I had a problem of needing to do some stuff programmatically (in javascript) that was happening in a third party component after being triggered by some browser events (click, focus, ?). I didn't know the event type, the element that the event was bound to, or the proper parameters.

-Tried setting Chrome breakpoints on subtree modifications, but nothing worked.
-Tried checking for jQuery events, but data('events') didn't reveal anything useful- they must be using DOM events.

Shouldn't there be some way of recording/capturing/logging all the events in a browser and then checking them (or even playing them back)? That seems like the only way to find out what I want to find out.

  • 2
    You know you can see the function called by an event in chrome, just select the element in inspector and check the tab that says Event Listenes on the right side, below styles
    – Ibu
    Nov 3, 2011 at 19:47
  • yep- i checked that and there were no handlers for events based on user actions such click, focus. only load. seemed like a nifty feature but not much help in this case.
    – skeej
    Nov 3, 2011 at 19:52
  • Can you execute code before the third party code is executed?
    – pimvdb
    Nov 3, 2011 at 20:05
  • yes, I can. 75% of the third party component gets loaded in an iframe, so I can trigger some code when other dom elements are fully loaded earlier.
    – skeej
    Nov 3, 2011 at 20:31
  • @skeej: Can you edit the iframe's page? If so, you could overwrite functions like Element.prototype.addEventListener to intercept added listeners.
    – pimvdb
    Nov 4, 2011 at 8:06

2 Answers 2


Updated for 2021

You can do this in any Chromium-based browser (e.g. Brave, Dissenter, Edge, etc.):

  1. Open the "Developer Tools" (F12 or Ctrl+Shift+I) from the Ellipsis (...) menu.
  2. Go to the "Network" tab.
  3. Click the little Record button at the left.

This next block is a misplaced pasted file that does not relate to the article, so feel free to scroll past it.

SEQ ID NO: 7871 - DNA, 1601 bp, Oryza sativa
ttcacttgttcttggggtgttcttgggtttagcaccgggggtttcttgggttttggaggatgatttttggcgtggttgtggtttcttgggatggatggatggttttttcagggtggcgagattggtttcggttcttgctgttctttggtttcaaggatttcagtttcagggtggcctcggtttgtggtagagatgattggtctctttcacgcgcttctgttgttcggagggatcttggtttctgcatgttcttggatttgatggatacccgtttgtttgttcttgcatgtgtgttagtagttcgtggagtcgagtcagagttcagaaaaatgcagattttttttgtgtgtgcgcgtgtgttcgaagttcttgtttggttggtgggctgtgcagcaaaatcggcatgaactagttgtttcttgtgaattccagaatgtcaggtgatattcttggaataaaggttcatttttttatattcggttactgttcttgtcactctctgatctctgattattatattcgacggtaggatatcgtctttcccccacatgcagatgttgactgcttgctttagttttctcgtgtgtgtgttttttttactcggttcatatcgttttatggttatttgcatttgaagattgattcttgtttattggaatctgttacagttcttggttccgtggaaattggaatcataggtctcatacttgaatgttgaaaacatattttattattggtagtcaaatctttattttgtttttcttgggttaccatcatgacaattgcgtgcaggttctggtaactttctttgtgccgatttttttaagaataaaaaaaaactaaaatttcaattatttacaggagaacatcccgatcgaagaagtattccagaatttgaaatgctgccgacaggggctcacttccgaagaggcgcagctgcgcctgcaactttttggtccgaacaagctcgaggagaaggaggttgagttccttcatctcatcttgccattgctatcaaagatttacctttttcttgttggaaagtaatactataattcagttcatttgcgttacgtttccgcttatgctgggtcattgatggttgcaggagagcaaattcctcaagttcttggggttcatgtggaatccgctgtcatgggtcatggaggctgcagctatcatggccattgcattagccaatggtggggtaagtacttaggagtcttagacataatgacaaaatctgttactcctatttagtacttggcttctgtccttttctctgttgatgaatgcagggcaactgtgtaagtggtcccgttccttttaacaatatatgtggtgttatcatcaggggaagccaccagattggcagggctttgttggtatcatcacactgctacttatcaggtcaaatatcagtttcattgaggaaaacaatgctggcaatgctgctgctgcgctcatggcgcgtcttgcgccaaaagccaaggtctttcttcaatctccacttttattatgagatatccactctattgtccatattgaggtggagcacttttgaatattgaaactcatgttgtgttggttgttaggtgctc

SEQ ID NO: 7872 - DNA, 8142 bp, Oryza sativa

4. Refresh the page and/or perform actions to trigger desired events.

Refreshing will show you the sequence of load events, and you can also filter for AJAX, JS, and other types of events. Or you can set breakpoints in the Sources tab for certain user events that happen when you mouse-over stuff, etc.

  • 12
    I don't think the OP is talking about load/AJAX events. Instead, he is talking about user events.
    – Randomblue
    Nov 5, 2011 at 9:19
  • 4
    Funny that... sure sounded like he was to me. What a silly reason to downvote a perfectly good answer though.
    – Chiramisu
    Nov 5, 2011 at 9:31
  • 1
    Updated? I don't see why. I literally performed the exact steps I listed before submitting my answer. The fact that Chrome can do this means it can obviously be done. Admittedly I've never wasted my time looking into how, because Chrome has always been good enough for my purposes. Cheers ;)
    – Chiramisu
    Nov 7, 2011 at 17:15
  • 4
    Perfectly good answer. I use this all the time. It will show you not only AJAX (as Randomblue might suggest) but all click and DOM events as well. Very useful! Nov 15, 2011 at 14:26

In Chrome you can use monitorEvents() in the console of dev tools to record all the events that you would like to monitor triggered during your test.


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